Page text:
The March for Our Lives activists are avoiding some of the patterns that have paralyzed previous efforts.
An assault weapons ban wouldn't end violence or hate—but it would reduce the body count.
It’s damnable that any reflection on American gun violence is quickly out of date. I was in Texas when the October 1 shooting occurred in Roseburg, Oregon, leaving 10 dead including the gunman. I was revising an article provoked by that shooting when 14 were shot dead December 2 in San Bernardino, California. Now there are two statistics I can’t get out of my mind: first, mass shootings (resulting in four or more deaths) occur at a rate of more than one a day in the United States. Second, more American gun deaths have occurred since 1970 than American war deaths since 1775. This is insane. What’s wrong?
President Obama is furious that legislators lack the will to address gun violence. But there are steps he could take without them.
On the radio last week, I heard a police officer being interviewed about the shootings in his town of Roseberg, Oregon. He said something like, “We’re just in shock. Things like this always happen somewhere else, not in a town like ours.” I was surprised to hear this. I take it for granted that, someday, a public shooting is going to happen in a town, school, or church near me, maybe at a time when I happen to be there.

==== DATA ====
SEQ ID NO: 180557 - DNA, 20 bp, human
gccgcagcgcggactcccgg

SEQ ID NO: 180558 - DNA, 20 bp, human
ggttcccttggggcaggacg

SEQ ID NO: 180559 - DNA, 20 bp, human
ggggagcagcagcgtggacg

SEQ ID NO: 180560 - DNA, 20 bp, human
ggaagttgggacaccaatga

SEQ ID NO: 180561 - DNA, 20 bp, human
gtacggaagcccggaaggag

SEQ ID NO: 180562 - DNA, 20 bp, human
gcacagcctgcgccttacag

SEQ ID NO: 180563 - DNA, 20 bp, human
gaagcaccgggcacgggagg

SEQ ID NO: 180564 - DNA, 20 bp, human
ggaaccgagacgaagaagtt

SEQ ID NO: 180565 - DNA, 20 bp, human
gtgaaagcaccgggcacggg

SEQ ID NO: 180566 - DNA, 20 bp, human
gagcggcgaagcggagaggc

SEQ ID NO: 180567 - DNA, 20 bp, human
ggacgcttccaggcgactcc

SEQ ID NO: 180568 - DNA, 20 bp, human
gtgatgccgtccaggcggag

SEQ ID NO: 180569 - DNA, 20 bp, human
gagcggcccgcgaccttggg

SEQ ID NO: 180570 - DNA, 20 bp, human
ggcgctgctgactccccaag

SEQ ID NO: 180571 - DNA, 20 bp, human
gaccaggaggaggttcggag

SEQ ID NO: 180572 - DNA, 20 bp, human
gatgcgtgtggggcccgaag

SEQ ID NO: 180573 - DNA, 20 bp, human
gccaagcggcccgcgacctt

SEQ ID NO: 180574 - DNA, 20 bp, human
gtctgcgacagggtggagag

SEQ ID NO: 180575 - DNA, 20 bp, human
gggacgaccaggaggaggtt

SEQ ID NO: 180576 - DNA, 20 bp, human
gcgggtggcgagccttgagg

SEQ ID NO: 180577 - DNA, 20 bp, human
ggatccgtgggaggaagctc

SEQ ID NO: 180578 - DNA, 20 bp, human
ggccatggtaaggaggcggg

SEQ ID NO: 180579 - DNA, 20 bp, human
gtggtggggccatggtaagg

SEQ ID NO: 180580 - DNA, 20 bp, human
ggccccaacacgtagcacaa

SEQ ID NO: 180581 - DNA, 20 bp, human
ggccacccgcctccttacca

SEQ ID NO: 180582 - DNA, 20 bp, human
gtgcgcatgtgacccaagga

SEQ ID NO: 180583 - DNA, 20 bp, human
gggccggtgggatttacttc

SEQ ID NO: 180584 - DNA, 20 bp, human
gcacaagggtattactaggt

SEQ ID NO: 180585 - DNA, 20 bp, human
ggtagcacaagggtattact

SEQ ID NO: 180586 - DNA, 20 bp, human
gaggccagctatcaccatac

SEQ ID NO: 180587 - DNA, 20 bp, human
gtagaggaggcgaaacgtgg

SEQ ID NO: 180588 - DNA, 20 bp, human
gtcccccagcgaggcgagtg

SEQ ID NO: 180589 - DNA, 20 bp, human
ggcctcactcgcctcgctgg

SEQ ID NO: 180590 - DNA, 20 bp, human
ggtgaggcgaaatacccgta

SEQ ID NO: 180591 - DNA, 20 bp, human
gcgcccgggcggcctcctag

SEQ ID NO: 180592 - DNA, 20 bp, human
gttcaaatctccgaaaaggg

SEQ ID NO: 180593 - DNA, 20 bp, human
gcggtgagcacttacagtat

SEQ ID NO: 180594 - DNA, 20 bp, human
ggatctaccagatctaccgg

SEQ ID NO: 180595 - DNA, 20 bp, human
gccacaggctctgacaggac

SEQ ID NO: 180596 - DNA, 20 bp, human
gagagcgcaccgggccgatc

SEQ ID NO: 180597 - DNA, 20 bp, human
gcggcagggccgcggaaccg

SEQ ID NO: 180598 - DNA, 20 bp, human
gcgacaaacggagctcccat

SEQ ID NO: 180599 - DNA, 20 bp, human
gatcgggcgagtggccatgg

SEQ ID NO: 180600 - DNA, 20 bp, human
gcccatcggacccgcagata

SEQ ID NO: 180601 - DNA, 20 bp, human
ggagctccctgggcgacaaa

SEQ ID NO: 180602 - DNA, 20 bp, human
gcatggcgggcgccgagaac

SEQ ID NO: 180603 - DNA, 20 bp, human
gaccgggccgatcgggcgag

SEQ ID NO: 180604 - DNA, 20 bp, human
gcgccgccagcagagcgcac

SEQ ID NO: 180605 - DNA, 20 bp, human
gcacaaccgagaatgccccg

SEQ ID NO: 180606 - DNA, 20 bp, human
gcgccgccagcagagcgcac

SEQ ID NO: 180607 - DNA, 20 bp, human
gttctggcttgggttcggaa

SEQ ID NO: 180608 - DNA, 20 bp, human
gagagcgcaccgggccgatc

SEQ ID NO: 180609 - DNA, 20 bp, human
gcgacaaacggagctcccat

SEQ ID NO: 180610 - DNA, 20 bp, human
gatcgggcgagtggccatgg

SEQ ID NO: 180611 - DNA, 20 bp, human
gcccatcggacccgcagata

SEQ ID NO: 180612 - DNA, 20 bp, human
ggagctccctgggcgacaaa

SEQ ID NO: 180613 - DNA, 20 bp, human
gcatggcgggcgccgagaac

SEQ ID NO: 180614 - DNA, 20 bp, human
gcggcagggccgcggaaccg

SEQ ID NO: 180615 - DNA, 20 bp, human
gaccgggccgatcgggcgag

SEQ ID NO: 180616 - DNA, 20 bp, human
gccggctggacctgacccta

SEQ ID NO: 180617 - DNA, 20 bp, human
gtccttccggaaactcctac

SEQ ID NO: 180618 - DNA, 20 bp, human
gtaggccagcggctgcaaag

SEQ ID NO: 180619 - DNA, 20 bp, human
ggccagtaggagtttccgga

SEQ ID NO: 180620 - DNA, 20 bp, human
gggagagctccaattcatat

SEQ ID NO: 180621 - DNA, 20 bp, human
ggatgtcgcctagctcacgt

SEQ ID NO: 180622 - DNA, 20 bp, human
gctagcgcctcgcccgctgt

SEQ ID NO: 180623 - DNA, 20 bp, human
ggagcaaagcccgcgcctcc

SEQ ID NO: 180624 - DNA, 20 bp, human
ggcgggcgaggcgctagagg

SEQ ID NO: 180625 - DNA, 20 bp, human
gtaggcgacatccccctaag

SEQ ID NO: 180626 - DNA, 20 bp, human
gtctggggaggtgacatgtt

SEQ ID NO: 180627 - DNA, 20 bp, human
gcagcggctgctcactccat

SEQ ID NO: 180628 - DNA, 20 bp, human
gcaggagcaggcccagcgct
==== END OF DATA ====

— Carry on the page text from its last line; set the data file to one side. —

Philosopher Firmin DaBrabander has written a judicious exposition of the crisis of guns in our society. He pays particular attention to the ideology, claims, and consequences of the NRA.
In the wake of the shootings in Las Vegas—in which bystander Joseph Robert Wilcox tried to take a shooter out and instead was himself shot and killed—Adam Weinstein offers a very thoughtful take on the notion of being a "good guy with a gun." A veteran and a gun owner, Weinstein describes himself as "one of those wannabe heroes"—but also details his growing doubts.
Three people died in the attack on the Boston Marathon. That same day, 11 Americans were murdered by guns.
After the Senate refused to take up several gun-control proposals Wednesday, I checked in with faith-based activists on the legislative process. (See my earlier Century article.) Many expressed frustration but also tentative hope for future prospects. "I'm deeply disappointed and very angry at the vise grip the NRA has on this issue," says Katherine Willis Pershey of the #ItIsEnough campaign. Many activists weren't thrilled with the legislation to begin with.